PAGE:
Additionally, some protein bars use inulin — an insoluble dietary fibre that can cause digestive upset in sensitive individuals. If this happens to you, it’s best to switch up your protein bar brand or opt for homemade recipes that use natural sources of sugar and fibre. Additionally, make sure to stay hydrated when consuming protein bars, as this can help with digestion.

Top view of an oat bar topped with peanuts on a stack of bars surrounded by peanuts.

Are protein bars good for you?

I believe it’s essential to foster a healthy relationship with food and refrain from labelling it as “good” or “bad.” Using judgment labels like these can be unhelpful and contribute to an unhealthy mindset.

That said, protein bars can certainly be a convenient and nutritious complement to your diet — if they fit in with your overall dietary goals. I recommend opting for protein bars that use minimally processed ingredients and are made without added sugars. Remember that protein bars tend to contain high amounts of protein and dietary fibre, which can be beneficial for muscle building and regular digestion.

When it comes to type 2 diabetes management and stabilizing blood sugar levels, oats-based protein bars are an excellent selection. These bars offer complex carbohydrates, a considerable amount of dietary fibre and plant based proteins which are beneficial for heart health and diabetes friendly.

At the end of the day, while some nutritional benefits are associated with protein bars, they should not be seen as a replacement for real, wholesome meals.

What are your favourite protein bar recipes?

A stack of oat bars topped with peanuts on a cake stand with plants in the background.

If you try these soft peanut butter protein bars, I would love to hear from you! Leave a comment, rate it, or share a photo and hashtag with #desiliciousrd on Instagram, Facebook and Twitter! I can’t wait to see your photos.

Desi~liciously Yours, Shahzadi
A close up image of a stack of oat bars with peanuts on a white stand.
5 stars (1 review)

Get the Recipe:

No-Bake Protein Peanut Butter Bars Recipe

Prep Time: 10 mins
Freezing: 1 hr
Total Time: 1 hr 10 mins
Yield: 10

Ingredients
 

Instructions
 

  • Mix the rolled oats, desiccated coconut, hemp seeds, and cinnamon in a medium bowl.
  • In a smaller bowl, stir together peanut butter, maple syrup, and vanilla extract until well combined.
  • Pour the wet ingredients into the dry ingredients and stir well to form a thick mixture.
  • Line a 6X4 inch dish with parchment paper and transfer the oat mixture to the lined dish. Use the back of a spoon to press down the mixture to flatten it.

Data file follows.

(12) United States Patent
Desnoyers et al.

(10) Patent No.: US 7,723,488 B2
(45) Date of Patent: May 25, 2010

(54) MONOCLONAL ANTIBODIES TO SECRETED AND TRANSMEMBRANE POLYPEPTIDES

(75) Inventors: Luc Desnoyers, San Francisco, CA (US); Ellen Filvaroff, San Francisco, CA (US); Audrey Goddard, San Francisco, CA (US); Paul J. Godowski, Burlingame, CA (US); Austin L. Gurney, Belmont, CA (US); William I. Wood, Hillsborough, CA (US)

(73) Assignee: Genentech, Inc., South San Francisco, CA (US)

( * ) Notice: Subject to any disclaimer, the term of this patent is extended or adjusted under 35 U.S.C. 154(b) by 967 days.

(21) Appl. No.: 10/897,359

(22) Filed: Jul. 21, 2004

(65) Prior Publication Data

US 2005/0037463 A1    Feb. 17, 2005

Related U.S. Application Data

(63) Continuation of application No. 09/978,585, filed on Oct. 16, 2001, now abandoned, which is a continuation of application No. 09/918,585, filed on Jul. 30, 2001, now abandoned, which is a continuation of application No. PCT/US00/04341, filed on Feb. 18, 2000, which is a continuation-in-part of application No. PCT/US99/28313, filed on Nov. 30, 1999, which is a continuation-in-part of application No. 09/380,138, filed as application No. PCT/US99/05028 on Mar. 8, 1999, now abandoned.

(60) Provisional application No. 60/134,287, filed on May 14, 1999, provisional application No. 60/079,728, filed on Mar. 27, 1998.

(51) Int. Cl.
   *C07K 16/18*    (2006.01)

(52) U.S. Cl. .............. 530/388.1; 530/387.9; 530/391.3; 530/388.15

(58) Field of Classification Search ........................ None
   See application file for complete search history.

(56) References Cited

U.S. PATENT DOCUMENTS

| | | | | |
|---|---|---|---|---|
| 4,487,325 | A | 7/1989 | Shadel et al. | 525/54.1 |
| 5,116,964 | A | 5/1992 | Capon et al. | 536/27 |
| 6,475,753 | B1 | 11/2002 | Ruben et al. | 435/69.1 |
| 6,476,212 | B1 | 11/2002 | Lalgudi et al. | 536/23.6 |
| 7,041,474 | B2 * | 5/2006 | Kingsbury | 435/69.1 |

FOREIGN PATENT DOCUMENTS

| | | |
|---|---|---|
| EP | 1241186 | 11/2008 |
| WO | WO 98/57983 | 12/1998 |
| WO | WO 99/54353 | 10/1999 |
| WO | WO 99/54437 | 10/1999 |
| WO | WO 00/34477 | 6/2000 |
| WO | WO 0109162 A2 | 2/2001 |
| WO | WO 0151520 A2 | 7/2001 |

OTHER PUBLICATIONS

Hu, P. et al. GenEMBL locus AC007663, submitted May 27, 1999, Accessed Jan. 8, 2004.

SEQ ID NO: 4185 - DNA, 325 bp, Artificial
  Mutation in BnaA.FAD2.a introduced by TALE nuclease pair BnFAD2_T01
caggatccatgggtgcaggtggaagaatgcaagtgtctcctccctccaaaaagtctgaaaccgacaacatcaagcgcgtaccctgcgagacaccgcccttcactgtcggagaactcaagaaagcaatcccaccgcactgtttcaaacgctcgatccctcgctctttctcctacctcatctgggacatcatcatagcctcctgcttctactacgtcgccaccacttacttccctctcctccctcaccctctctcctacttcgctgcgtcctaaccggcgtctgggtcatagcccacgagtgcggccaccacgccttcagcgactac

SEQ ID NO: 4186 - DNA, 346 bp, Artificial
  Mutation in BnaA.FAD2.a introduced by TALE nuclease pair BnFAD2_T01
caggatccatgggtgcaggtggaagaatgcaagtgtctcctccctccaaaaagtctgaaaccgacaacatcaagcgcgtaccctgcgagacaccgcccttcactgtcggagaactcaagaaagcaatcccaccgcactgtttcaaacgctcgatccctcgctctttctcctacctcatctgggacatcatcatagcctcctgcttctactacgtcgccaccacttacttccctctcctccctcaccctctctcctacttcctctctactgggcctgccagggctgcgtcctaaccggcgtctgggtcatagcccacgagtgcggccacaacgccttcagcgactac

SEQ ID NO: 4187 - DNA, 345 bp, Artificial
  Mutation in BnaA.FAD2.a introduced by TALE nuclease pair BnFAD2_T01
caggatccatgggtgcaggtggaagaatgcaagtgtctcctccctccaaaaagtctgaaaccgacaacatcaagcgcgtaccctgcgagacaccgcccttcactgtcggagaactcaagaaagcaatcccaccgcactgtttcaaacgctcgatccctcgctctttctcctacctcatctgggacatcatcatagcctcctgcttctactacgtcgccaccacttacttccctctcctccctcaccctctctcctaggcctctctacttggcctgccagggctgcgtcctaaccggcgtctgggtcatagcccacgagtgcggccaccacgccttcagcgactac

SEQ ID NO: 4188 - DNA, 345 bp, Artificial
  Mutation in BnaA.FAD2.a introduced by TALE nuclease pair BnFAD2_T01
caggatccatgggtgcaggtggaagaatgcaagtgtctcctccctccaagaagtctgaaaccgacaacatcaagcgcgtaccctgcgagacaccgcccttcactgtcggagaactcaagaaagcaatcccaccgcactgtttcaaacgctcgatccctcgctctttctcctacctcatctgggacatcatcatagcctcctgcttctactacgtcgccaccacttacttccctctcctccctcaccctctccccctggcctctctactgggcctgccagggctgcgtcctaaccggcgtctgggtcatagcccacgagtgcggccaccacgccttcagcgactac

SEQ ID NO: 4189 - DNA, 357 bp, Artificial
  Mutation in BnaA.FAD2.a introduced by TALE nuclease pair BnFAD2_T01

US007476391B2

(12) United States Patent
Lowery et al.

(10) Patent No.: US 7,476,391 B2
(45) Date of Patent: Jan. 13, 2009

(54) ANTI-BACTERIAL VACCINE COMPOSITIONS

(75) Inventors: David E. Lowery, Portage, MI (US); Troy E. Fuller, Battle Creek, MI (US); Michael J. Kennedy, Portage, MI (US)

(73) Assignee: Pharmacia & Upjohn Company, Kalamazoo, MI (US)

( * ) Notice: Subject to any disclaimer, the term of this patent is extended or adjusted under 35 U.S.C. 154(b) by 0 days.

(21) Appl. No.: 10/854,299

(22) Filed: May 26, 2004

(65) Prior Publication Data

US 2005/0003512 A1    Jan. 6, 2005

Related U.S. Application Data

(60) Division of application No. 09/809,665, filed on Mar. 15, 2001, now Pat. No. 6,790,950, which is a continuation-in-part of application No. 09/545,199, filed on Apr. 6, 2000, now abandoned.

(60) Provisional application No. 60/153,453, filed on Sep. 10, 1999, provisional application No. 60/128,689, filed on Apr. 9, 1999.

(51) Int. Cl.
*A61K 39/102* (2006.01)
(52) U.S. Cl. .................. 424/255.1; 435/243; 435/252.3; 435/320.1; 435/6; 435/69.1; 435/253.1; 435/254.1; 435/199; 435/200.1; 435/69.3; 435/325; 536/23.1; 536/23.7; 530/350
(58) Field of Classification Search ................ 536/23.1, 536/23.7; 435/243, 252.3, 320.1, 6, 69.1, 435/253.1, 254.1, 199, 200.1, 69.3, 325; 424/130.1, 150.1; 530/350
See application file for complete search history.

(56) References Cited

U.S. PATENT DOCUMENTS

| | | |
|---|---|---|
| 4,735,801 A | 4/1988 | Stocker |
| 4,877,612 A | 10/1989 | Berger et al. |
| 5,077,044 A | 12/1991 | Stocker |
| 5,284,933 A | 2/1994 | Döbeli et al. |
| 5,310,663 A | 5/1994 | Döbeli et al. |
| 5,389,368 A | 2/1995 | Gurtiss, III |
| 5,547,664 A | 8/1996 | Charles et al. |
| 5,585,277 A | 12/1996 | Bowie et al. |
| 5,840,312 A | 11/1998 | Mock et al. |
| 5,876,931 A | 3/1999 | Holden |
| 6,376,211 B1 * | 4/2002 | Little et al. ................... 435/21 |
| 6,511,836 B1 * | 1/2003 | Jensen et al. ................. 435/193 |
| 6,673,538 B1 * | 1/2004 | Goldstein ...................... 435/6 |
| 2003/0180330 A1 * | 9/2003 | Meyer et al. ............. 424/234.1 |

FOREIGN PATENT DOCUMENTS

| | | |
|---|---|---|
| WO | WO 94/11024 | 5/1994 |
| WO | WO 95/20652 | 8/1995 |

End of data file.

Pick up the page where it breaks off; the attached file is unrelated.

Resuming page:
• Top with whole peanuts and use a spoon to press them down firmly to ensure they stick.
  • Place in the freezer for at least 1 hour to allow the mixture to set. When you're ready to serve, remove and cut into bars.

Notes

  • Be sure to use natural peanut butter. Many brands of pre-packaged peanut butter contain added sugars and oils, which can alter the taste and texture of your bars.
  • Use rolled oats vs quick oats as the base. Quick oats tend to absorb more liquid, resulting in a mushy texture.
  • Ensure your bars are thoroughly chilled before cutting into them. This allows for easier slicing and helps keep their shape.
  • You could substitute half the oats with almond flour to boost their plant based protein content further.

Nutrition Information:

Calories: 219kcal (11%)Carbohydrates: 23g (8%)Protein: 7g (14%)Fat: 12g (18%)Saturated Fat: 3g (15%)Polyunsaturated Fat: 1gMonounsaturated Fat: 1gSodium: 3mgPotassium: 180mg (5%)Fiber: 3g (12%)Sugar: 8g (9%)Vitamin A: 0.1IUVitamin C: 0.002mgCalcium: 26mg (3%)Iron: 1mg (6%)

Keep in mind that the nutritional values provided are approximations and suggestions. This nutrition facts table cannot account for your individual needs. Your body — including your hunger and satiety cues — change daily. It’s perfectly fine to eat more or less on different days. Instead of letting food guilt take over, consider mindful eating.

* Percent Daily Values are based on a 2000 calorie diet.

Cuisine: American
Course: Snack
Author: Shahzadi Devje
Did you make this recipe?Mention @desiliciousrd on Instagram or tag #desiliciousrd.